Grassley Again Requests Evidence from Attorneys for Dr. Ford
WASHINGTON – Senate Judiciary Committee Chairman Chuck Grassley last night renewed his requests for evidence in a letter to attorneys representing Dr. Christine Blasey Ford. Notably, The Washington Post reported that it viewed evidence cited by Ford that has not been turned over to the committee.
“[Dr. Ford’s] testimony hinges on evidence to which Dr. Ford has repeatedly referred—some of which has already been provided to a nationally circulated newspaper—but which you have refused to provide to the Senate. If it is necessary to protect certain records from public disclosure, then I'm happy to discuss how to achieve that goal,” Grassley wrote.
Specifically, Grassley again requests therapist notes which have been cited as corroboration for Dr. Ford’s allegations, the complete set of polygraph records, including charts and recording, along with the full set of materials relevant to Dr. Ford’s allegations that have been provided to news media organizations.
Full text of Grassley’s letter follows or can be found here.
October 2, 2018
DELIVERED VIA EMAIL
Ms. Debra S. Katz
Ms. Lisa J. Banks
Mr. Joseph E. Abboud
Katz, Marshall & Banks, LLP
1718 Connecticut A venue NW
Washington, D.C. 20009
Dear Ms. Katz., Ms. Banks, Mr. Abboud, and Mr. Bromwich:
I write to renew my requests for material evidence relevant to allegations of sexual assault made by your client, Dr. Christine Blasey Ford, against Judge Brett Kavanaugh. During the hearing last week, Senator Kamala Harris argued that it was only fair for senators on the Committee to see the evidence that the witness was being asked to address. The same principle applies to this request. Your continued withholding of material evidence despite multiple requests is unacceptable as the Senate exercises its constitutional responsibility of advice and consent for a judicial nomination. I urge you to comply promptly with my requests.
First, I renew my request for the notes from therapy sessions in which Dr. Ford discussed the alleged assault by Judge Kavanaugh. The Washington Post reported that some notes were provided to The Post, and Dr. Ford's testimony indicated that these notes were highly relevant to her allegations. These notes have been repeatedly cited as corroboration even while written 30 years after the alleged event and in apparent contradiction with testimony and other public statements regarding several key details of the allegations, including when the alleged attack occurred, how many individuals were present in the bedroom in which the attack was alleged to have occurred, and how many individuals attended the party.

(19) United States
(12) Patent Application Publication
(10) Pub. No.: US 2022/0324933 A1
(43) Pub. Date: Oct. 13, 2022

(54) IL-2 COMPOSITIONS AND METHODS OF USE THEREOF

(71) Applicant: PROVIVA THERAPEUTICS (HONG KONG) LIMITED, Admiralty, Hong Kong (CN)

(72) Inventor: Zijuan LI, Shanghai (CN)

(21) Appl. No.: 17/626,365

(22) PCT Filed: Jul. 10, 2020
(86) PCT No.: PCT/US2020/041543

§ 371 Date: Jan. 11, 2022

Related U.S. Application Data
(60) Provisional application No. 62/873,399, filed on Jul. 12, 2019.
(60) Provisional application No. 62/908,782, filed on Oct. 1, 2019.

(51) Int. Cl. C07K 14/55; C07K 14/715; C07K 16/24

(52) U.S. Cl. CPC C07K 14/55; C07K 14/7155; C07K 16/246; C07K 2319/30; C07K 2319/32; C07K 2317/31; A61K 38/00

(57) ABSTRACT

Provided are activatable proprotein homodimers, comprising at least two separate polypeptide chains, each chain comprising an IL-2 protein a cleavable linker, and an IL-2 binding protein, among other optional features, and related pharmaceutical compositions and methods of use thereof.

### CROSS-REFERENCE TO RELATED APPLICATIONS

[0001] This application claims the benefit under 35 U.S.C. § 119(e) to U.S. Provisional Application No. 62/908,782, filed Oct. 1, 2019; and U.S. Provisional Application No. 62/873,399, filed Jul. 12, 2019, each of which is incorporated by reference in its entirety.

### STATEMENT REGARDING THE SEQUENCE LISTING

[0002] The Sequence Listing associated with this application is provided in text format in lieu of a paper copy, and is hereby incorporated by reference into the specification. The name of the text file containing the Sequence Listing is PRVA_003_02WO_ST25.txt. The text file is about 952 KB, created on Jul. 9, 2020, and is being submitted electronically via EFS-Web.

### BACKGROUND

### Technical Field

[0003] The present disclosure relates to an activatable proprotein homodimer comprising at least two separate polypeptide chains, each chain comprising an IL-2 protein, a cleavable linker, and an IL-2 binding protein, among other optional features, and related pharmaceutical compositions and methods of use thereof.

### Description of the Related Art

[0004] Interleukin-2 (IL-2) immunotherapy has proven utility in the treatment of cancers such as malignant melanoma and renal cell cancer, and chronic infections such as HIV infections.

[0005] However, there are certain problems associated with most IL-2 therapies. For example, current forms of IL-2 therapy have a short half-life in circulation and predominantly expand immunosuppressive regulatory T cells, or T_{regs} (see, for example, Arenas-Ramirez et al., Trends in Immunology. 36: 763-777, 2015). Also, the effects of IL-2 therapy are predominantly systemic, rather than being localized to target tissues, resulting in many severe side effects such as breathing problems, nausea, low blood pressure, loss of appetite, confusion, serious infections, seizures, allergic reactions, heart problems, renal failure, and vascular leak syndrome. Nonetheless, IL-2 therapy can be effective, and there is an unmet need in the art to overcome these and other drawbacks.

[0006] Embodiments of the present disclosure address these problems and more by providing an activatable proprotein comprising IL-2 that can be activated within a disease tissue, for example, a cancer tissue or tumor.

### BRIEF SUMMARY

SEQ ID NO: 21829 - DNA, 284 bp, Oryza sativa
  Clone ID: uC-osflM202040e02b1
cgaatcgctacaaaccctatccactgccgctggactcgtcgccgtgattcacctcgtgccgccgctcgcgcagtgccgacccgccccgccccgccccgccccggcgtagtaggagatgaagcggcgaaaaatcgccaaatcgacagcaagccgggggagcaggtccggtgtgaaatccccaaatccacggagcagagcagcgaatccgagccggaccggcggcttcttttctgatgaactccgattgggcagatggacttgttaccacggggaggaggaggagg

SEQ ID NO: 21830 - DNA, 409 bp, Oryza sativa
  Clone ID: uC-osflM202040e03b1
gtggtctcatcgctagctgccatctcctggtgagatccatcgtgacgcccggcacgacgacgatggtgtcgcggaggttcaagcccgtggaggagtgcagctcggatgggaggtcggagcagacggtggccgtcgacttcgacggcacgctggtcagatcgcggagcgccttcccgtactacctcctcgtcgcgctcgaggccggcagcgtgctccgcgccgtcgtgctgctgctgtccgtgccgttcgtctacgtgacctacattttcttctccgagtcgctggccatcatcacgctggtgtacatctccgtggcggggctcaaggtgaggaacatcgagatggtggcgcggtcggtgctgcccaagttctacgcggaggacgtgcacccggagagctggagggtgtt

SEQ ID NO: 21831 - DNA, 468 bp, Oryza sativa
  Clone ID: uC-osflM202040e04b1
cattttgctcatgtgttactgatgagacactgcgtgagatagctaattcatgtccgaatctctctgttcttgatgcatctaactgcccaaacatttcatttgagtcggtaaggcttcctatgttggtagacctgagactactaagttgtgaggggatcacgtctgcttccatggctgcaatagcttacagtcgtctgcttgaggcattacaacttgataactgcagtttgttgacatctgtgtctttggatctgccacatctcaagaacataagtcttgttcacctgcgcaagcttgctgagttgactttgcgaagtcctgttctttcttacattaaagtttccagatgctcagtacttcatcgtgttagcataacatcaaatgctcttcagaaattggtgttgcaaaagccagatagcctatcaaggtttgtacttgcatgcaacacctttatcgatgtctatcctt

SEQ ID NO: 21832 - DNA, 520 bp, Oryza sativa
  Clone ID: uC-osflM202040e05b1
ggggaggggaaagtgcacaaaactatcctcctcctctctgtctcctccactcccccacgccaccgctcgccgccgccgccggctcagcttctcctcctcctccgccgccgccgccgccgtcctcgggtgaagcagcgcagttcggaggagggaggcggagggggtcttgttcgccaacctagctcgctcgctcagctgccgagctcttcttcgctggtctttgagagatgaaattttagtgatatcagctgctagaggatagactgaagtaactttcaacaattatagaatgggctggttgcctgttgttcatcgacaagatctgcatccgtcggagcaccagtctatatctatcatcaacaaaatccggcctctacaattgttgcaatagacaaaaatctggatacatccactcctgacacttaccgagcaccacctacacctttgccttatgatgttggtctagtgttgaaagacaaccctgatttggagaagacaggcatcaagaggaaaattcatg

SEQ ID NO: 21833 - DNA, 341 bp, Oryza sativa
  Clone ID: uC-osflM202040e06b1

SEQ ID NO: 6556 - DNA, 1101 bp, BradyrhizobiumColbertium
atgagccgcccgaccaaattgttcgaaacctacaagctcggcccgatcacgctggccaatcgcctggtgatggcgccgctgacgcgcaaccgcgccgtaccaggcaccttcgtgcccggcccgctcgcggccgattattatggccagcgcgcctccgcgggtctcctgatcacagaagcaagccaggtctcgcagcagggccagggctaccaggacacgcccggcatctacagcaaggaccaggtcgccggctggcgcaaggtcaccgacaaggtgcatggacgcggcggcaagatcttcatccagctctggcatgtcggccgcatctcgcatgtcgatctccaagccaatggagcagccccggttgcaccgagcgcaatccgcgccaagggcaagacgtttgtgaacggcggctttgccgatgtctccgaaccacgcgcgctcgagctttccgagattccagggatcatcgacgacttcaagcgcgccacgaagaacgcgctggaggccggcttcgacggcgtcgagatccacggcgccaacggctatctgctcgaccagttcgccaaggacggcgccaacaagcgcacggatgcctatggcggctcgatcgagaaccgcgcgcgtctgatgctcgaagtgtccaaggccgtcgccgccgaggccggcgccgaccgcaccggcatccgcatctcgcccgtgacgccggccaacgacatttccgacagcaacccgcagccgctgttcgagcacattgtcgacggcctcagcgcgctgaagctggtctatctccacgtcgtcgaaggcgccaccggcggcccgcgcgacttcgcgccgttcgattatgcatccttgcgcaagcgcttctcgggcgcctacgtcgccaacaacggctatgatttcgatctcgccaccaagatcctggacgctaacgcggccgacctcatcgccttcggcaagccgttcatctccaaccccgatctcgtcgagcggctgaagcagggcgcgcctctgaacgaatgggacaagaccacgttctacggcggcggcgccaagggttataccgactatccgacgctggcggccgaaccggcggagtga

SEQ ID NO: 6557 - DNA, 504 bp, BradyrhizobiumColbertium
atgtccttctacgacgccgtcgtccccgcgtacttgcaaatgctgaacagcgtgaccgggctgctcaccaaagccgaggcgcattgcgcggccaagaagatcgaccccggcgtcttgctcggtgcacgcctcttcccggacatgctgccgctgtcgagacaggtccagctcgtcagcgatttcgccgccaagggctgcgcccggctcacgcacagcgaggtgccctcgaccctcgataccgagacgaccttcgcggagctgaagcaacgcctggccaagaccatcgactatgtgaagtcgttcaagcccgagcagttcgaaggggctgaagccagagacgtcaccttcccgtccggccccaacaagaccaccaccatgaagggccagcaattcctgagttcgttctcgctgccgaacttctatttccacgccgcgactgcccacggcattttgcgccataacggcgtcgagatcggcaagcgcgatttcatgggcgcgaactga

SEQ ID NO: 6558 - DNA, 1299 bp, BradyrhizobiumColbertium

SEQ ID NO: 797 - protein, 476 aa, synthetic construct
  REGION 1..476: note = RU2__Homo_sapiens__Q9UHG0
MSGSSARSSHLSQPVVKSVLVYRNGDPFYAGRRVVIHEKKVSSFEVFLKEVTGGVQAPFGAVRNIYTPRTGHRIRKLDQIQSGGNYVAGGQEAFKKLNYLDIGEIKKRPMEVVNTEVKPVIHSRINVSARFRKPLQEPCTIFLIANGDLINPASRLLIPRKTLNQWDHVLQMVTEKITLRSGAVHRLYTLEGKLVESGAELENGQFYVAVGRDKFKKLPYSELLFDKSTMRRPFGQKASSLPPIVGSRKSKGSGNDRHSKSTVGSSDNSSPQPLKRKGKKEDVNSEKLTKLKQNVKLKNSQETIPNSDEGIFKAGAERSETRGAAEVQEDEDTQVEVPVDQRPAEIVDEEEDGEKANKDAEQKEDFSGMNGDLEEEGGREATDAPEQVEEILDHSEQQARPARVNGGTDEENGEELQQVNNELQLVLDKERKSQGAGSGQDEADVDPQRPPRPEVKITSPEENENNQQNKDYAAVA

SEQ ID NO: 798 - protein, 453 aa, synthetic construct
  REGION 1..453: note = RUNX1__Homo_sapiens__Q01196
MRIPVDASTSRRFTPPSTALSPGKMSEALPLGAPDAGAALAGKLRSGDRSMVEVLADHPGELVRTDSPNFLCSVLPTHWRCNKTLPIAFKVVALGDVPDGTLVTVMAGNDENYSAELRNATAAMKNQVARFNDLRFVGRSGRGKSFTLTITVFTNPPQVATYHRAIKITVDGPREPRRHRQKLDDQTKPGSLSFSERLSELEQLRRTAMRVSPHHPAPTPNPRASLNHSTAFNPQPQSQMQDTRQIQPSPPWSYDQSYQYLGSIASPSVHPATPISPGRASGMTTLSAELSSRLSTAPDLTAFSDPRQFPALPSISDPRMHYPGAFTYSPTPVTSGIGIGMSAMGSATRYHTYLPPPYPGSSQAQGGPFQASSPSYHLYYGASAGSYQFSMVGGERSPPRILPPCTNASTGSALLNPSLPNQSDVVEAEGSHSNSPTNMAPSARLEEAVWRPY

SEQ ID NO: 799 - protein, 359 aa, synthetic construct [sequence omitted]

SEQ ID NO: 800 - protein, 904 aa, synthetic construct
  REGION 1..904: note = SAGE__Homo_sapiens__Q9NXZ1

Your previous response to this request—that "[t]hese records contain private, highly sensitive information that is not necessary for the Committee to assess the credibility of [Dr. Ford's] testimony"—is not justified, based on the fact that this material has been presented as a key component supporting allegations made by your client, including the presentation made to The Washington Post.
Second, I renew my request for copies of all audio or video recordings produced during the course of Mr. Hanafin's polygraph examination of Dr. Ford, as well as all polygraph charts and other data that Mr. Hanafin relied upon in preparing his report. I made these requests both before and during the hearing, but I have yet to receive them. Dr. Ford cited the results of this polygraph examination to support her allegations. It's unfair to rely on the results of a polygraph examination while withholding the materials necessary to assess the accuracy of the results.
The full details of Dr. Ford's polygraph are particularly important because the Senate Judiciary Committee has received a sworn statement from a longtime boyfriend of Dr. Ford's, stating that he personally witnessed Dr. Ford coaching a friend on polygraph examinations. When asked under oath in the hearing whether she'd ever given any tips or advice to someone who was planning on taking a polygraph, Dr. Ford replied, "Never." This statement raises specific concerns about the reliability of her polygraph examination results. The Senate therefore needs this information.
Third, I renew my request for copies of any and all written, audiovisual, or electronic materials relating to the allegations raised by Dr. Ford against Judge Kavanaugh that Dr. Ford or her representative previously provided to any reporter or anyone else at a media organization. On the eve of our Thursday, September 27 hearing, you provided a single screenshot of Dr. Ford's WhatsApp correspondence with The Washington Post tip line. But Dr. Ford testified the next day that she had continued her conversation, "under the encrypted app," with a reporter. Your failure to provide the entirety of Dr. Ford's correspondence with The Post again suggests a lack of candor.
That the Senate is not a court of law does not change the reality that Dr. Ford's allegations have put Judge Kavanaugh on trial before the nation. A sitting federal judge and Supreme Court nominee has been accused of committing a violent crime. Dr. Ford, to her credit, offered her testimony to the Judiciary Committee, notwithstanding attempts at obstruction by her attorneys and Senate Democratic leadership. The testimony hinges on evidence to which Dr. Ford has repeatedly referred—some of which has already been provided to a nationally circulated newspaper—but which you have refused to provide to the Senate.
If it is necessary to protect certain records from public disclosure, then I'm happy to discuss how to achieve that goal. And I can certainly understand, in light of Democrats' betrayal of Dr. Ford's desire for confidentiality, that she may hesitate to trust such an arrangement. Still, these records are central to the credibility of Dr. Ford's allegations and must be produced.
Please provide the requested materials to the Senate Judiciary Committee immediately.